Premier League chief executive Richard Masters has warned it is "critical" to get fans back into stadiums soon, but a spike in coronavirus cases has forced the British government to review plans to reopen venues from October 1.
The Premier League was forced to finish last season with the final 92 matches played behind closed doors after the coronavirus lockdown.
When the 2020-21 campaign kicks off on Saturday, stadiums around England will remain empty in the stands due to the continued threat of the pandemic.
Brighton hosted 2,500 fans for their recent pre-season friendly against Chelsea, while Arsenal's Premier League home match against Sheffield United on October 3 was earmarked for a potential reduced-capacity test event.
Fearing potential losses of £700 million ($910 million), Masters said it is essential for the financial health of English football that supporters are able to return soon.
"We have to get back to fans inside stadia as quickly as possible - that's the big thing that's missing, economic or otherwise - we need fans back inside stadiums for all sorts of reasons and it's the number one priority," Masters told the BBC.
"I think perhaps there is a perception the Premier League economy can withstand just about anything, but if you do lose £700m out of a planned budget it's going to affect things and clubs have had to make some very difficult decisions."
However, an increase in the number of virus cases has forced the government to ban gatherings of more than six people from Monday.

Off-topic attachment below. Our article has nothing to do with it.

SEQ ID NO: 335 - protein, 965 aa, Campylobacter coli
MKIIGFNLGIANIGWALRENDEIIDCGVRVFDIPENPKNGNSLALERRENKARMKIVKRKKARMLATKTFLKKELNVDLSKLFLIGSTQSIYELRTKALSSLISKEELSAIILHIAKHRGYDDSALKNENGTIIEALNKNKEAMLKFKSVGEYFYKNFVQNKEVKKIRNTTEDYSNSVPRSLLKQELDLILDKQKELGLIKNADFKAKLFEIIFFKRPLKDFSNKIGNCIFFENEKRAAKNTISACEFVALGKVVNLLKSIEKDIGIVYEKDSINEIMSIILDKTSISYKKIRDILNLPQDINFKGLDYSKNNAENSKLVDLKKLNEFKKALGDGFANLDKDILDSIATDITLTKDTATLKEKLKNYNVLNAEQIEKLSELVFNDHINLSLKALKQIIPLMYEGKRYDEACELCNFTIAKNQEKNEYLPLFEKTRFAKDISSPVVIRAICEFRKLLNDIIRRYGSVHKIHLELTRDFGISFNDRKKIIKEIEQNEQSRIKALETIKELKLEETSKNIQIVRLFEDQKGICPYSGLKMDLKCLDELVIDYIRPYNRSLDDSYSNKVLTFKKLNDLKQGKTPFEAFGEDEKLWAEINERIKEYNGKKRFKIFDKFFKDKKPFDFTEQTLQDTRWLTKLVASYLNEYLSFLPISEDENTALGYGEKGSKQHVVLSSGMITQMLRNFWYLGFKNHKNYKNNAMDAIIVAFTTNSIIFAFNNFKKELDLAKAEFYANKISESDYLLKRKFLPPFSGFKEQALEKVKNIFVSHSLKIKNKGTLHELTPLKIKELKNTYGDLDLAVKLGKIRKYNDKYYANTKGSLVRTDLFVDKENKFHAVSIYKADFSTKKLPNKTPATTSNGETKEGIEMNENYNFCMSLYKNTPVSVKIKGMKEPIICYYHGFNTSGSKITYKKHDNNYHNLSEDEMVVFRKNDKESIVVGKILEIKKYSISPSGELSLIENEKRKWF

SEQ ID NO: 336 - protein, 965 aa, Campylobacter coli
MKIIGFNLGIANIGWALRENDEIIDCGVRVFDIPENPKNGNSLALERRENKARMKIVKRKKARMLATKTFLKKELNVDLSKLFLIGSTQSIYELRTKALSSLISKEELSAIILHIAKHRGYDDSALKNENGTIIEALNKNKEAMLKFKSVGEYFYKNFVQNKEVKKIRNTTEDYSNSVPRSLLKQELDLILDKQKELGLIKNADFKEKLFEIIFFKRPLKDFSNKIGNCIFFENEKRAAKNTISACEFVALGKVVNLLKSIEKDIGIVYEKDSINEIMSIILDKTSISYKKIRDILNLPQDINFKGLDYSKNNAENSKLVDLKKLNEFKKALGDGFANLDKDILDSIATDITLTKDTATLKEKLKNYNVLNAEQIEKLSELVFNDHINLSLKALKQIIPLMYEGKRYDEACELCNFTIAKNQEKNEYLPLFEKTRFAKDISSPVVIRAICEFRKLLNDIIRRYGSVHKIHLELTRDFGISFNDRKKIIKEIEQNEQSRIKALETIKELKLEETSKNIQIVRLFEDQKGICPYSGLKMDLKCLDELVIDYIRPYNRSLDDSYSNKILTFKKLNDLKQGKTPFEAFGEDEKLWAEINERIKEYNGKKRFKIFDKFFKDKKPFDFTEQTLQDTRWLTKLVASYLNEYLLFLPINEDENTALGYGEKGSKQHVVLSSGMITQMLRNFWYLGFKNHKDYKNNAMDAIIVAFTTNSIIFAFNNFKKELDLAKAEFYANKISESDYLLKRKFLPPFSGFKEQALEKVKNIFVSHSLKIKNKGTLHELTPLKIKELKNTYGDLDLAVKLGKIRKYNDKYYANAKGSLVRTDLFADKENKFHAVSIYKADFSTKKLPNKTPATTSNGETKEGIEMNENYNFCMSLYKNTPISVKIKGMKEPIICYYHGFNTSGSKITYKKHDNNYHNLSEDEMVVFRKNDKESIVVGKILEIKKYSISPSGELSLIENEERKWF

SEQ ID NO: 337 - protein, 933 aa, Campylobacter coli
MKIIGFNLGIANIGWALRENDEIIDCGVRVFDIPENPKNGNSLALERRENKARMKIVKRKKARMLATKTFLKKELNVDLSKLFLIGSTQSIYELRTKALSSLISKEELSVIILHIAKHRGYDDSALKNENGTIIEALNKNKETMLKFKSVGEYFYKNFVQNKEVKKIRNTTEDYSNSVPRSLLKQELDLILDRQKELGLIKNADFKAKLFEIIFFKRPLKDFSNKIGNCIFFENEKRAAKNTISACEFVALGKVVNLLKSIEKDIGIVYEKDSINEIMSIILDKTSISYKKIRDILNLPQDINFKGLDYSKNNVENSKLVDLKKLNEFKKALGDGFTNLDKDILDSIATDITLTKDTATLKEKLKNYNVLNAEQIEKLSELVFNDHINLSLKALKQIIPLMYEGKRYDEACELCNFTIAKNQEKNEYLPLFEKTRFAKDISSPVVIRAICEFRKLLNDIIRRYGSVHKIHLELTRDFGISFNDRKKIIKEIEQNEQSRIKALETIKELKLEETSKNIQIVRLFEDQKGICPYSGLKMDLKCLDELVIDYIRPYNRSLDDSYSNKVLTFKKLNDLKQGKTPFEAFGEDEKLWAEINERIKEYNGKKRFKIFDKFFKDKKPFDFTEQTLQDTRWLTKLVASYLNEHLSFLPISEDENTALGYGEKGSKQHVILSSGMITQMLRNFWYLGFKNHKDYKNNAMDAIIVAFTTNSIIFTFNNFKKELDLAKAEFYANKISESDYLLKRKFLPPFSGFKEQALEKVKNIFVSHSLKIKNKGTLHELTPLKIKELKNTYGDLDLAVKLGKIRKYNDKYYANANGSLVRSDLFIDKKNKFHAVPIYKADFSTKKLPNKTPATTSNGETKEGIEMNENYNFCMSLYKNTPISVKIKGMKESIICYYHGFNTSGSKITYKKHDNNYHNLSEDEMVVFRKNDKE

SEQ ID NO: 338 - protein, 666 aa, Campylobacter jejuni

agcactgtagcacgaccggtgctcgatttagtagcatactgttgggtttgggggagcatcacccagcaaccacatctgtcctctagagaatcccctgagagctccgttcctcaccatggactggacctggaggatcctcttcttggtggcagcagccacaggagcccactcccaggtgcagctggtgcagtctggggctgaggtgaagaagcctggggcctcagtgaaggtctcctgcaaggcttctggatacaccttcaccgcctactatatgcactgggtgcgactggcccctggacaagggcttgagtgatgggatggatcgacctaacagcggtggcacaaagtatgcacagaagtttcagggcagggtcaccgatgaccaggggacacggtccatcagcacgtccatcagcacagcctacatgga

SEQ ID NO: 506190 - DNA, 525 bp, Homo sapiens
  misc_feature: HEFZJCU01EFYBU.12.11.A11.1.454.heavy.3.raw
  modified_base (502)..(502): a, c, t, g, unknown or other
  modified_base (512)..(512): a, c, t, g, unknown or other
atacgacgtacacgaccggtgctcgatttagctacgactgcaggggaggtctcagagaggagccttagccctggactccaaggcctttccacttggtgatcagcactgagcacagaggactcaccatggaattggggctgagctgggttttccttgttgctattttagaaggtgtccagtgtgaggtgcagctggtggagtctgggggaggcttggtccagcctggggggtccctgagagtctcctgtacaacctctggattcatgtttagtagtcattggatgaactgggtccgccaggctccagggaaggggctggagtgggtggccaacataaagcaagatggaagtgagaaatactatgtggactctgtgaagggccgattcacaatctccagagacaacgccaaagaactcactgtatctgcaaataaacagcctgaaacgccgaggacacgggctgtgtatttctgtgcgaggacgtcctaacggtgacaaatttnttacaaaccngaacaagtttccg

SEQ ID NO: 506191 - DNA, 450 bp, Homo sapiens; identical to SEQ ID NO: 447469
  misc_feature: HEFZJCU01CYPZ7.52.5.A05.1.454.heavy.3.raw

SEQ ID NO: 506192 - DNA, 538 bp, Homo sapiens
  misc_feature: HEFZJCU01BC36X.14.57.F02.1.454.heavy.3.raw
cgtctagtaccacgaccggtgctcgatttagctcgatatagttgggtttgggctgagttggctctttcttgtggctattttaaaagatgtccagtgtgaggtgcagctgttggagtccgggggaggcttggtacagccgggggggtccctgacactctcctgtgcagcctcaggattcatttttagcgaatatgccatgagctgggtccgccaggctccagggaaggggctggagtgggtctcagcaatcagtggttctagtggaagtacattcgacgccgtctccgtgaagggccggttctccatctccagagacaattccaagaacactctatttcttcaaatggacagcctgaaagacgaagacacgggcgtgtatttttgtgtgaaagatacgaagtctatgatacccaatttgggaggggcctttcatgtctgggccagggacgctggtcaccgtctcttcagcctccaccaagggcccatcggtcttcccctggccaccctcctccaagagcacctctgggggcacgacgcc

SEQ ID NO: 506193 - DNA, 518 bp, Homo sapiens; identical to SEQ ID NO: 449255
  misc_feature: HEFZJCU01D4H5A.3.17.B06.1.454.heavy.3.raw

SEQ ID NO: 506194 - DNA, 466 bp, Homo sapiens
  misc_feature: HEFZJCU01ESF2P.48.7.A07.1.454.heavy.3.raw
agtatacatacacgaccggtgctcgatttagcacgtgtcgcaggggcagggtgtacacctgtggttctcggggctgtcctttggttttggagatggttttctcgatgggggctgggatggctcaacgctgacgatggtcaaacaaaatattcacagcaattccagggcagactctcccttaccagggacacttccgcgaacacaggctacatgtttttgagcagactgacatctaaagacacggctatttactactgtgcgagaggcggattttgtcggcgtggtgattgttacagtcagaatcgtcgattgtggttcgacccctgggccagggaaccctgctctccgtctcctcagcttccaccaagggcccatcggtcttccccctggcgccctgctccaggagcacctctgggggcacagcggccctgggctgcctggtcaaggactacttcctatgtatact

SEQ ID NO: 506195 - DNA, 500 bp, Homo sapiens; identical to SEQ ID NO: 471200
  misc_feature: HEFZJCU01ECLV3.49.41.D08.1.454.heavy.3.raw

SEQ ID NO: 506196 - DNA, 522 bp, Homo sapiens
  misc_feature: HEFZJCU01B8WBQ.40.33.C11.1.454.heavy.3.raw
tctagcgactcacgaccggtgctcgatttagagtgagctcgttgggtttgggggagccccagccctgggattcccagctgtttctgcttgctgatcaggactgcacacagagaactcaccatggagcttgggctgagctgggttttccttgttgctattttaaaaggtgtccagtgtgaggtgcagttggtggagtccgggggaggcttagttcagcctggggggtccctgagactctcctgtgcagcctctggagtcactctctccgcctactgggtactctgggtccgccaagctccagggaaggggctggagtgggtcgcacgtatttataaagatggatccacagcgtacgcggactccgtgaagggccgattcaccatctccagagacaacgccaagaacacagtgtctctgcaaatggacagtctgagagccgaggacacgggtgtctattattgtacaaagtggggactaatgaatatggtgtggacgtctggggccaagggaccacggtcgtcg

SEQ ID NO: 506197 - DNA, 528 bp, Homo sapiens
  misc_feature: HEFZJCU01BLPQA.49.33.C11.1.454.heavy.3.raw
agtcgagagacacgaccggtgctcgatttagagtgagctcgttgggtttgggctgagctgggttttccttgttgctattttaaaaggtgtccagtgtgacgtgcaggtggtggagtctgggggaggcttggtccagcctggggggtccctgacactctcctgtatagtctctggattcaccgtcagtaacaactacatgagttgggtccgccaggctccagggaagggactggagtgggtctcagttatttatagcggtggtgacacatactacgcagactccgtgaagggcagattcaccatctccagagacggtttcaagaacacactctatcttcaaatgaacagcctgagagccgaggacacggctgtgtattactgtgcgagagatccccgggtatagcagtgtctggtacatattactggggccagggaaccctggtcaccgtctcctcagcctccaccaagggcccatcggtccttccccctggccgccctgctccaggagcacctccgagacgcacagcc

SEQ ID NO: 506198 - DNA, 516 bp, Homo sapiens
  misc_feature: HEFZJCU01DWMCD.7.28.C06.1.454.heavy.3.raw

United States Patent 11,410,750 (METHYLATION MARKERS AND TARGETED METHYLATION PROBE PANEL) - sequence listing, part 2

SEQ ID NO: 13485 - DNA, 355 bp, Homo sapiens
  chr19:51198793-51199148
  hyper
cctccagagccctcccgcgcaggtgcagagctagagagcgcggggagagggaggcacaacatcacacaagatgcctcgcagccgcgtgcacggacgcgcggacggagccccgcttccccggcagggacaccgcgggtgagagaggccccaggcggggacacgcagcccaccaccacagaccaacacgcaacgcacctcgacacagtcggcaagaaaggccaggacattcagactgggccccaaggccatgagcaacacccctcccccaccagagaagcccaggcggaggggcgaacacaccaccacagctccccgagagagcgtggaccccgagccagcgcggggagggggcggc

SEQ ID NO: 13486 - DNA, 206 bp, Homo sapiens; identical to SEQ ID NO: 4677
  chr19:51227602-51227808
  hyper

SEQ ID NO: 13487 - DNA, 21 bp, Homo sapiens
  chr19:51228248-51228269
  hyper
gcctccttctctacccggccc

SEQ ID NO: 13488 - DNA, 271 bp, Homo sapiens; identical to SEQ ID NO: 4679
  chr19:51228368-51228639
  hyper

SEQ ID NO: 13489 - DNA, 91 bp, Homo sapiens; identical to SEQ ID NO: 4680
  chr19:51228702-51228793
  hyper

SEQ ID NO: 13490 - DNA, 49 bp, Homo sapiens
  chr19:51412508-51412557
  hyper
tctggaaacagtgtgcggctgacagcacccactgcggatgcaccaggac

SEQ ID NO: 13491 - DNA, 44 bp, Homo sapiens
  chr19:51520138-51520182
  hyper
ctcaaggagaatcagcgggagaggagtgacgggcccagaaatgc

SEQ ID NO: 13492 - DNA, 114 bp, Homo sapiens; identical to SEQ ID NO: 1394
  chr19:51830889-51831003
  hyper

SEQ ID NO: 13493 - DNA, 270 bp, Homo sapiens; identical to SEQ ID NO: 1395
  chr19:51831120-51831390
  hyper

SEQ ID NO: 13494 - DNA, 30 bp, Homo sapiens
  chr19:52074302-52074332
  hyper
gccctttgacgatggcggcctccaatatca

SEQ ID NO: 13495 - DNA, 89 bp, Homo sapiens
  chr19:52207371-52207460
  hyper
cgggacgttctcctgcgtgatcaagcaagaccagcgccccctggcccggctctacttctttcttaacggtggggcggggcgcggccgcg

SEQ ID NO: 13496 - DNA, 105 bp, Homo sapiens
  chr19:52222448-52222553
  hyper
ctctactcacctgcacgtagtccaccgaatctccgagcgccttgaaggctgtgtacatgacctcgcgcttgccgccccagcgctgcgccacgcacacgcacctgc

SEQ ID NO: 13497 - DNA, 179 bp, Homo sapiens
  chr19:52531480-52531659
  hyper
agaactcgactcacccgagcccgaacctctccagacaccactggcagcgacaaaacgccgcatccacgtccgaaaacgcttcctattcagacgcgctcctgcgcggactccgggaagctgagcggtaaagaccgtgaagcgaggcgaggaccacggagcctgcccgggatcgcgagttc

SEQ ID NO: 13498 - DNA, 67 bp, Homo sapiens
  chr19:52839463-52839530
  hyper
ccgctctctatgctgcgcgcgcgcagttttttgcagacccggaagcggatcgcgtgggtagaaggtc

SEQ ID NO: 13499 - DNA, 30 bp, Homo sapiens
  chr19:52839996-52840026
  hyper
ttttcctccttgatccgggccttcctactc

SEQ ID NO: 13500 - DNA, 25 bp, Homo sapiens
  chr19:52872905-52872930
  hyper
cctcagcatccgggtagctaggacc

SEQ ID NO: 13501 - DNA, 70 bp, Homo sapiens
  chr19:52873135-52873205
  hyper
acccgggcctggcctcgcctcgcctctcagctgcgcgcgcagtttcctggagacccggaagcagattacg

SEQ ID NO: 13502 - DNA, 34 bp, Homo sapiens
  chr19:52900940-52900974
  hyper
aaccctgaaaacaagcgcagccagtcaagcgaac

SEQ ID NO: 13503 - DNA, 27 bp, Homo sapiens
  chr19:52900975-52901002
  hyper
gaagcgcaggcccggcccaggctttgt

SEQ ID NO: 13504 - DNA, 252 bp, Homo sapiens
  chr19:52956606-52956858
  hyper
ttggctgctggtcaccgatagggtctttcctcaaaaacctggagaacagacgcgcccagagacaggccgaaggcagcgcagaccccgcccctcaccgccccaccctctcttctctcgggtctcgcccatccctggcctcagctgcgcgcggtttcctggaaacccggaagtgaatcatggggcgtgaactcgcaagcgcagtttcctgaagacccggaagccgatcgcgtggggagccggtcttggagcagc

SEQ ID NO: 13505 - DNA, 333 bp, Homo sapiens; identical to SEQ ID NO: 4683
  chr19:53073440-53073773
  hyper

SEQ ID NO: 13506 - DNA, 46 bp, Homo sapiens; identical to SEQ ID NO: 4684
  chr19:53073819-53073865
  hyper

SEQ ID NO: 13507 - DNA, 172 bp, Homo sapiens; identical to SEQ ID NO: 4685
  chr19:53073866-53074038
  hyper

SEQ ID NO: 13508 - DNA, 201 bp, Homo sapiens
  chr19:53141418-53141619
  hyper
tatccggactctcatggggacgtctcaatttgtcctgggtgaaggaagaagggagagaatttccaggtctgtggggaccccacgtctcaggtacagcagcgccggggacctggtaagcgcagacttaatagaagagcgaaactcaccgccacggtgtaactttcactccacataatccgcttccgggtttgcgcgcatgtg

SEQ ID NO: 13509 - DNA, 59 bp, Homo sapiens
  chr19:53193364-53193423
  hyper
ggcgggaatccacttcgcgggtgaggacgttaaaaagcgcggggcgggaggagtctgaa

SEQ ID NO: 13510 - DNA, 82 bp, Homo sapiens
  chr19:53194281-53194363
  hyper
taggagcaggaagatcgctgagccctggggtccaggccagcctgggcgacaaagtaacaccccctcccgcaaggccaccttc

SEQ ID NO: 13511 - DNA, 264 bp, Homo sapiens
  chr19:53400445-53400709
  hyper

- 'Bumps in the road' -
"At the present time we must also I am afraid revise plans to pilot larger audiences in venues later this month and review our intention to return audiences to stadiums and conference centres from October 1," Prime Minister Boris Johnson told a press conference on Wednesday.
"But that doesn't mean we are going to scrap the programme entirely, we are just going to have to review it and abridge it."
It has been reported pilot events which have already been arranged to test the safe return of spectators will be limited to a maximum of 1,000 people with social distancing measures in place.
Oliver Dowden, the Secretary of State for Digital, Culture, Media and Sport, said changes to the pilot plans would be announced shortly, with the long-term aim now to have larger crowds by Christmas.
"Further to the PM's announcement we are reviewing the list of proposed sports pilots ahead of 1 Oct, in light of the increased number of cases. Details of changes will be announced shortly," Dowden wrote on Twitter.
"We are keeping under review further easements proposed from 1 Oct but no changes have been announced today and we continue to plan for the best.
"As I said on Sunday and the PM confirmed today, work continues round the clock on the moonshot project with the ambition of having audiences back much closer to normal by Christmas."
Masters admitted the Premier League never expected the path back to full stadiums to be a smooth ride.
"We wait to see what the government decides and we'll remain in dialogue with them throughout," he said.
"We always knew September was going to be a difficult month at the start of the return to normality the government was talking about, and so we should anticipate bumps in the road."